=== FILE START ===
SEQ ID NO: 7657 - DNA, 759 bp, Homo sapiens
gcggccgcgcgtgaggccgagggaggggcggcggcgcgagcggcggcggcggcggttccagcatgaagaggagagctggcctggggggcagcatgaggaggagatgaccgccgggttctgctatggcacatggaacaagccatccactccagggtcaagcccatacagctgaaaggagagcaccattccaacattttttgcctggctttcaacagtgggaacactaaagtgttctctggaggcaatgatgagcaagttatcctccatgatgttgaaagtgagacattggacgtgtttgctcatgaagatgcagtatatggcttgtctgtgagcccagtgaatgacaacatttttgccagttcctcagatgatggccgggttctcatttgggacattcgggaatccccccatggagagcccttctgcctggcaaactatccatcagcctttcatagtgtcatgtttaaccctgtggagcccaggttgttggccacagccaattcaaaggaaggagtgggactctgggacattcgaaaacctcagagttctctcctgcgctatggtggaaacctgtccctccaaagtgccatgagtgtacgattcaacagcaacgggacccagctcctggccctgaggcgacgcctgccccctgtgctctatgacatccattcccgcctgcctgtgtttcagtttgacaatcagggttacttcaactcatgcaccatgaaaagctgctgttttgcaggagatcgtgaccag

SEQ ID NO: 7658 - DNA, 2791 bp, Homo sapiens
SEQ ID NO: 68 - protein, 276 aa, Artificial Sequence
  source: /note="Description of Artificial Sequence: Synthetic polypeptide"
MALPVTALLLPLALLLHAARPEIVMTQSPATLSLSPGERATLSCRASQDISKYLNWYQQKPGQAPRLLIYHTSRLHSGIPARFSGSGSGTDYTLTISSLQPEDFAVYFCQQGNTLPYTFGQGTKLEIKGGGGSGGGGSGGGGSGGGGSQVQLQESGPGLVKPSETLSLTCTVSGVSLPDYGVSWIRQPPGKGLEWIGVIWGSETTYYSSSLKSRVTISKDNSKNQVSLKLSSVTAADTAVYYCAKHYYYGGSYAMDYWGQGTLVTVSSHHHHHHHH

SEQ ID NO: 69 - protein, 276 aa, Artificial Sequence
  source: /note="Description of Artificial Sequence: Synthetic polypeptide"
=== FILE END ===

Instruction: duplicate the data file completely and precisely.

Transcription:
SEQ ID NO: 7657 - DNA, 759 bp, Homo sapiens
gcggccgcgcgtgaggccgagggaggggcggcggcgcgagcggcggcggcggcggttccagcatgaagaggagagctggcctggggggcagcatgaggaggagatgaccgccgggttctgctatggcacatggaacaagccatccactccagggtcaagcccatacagctgaaaggagagcaccattccaacattttttgcctggctttcaacagtgggaacactaaagtgttctctggaggcaatgatgagcaagttatcctccatgatgttgaaagtgagacattggacgtgtttgctcatgaagatgcagtatatggcttgtctgtgagcccagtgaatgacaacatttttgccagttcctcagatgatggccgggttctcatttgggacattcgggaatccccccatggagagcccttctgcctggcaaactatccatcagcctttcatagtgtcatgtttaaccctgtggagcccaggttgttggccacagccaattcaaaggaaggagtgggactctgggacattcgaaaacctcagagttctctcctgcgctatggtggaaacctgtccctccaaagtgccatgagtgtacgattcaacagcaacgggacccagctcctggccctgaggcgacgcctgccccctgtgctctatgacatccattcccgcctgcctgtgtttcagtttgacaatcagggttacttcaactcatgcaccatgaaaagctgctgttttgcaggagatcgtgaccag

SEQ ID NO: 7658 - DNA, 2791 bp, Homo sapiens
SEQ ID NO: 68 - protein, 276 aa, Artificial Sequence
  source: /note="Description of Artificial Sequence: Synthetic polypeptide"
MALPVTALLLPLALLLHAARPEIVMTQSPATLSLSPGERATLSCRASQDISKYLNWYQQKPGQAPRLLIYHTSRLHSGIPARFSGSGSGTDYTLTISSLQPEDFAVYFCQQGNTLPYTFGQGTKLEIKGGGGSGGGGSGGGGSGGGGSQVQLQESGPGLVKPSETLSLTCTVSGVSLPDYGVSWIRQPPGKGLEWIGVIWGSETTYYSSSLKSRVTISKDNSKNQVSLKLSSVTAADTAVYYCAKHYYYGGSYAMDYWGQGTLVTVSSHHHHHHHH

SEQ ID NO: 69 - protein, 276 aa, Artificial Sequence
  source: /note="Description of Artificial Sequence: Synthetic polypeptide"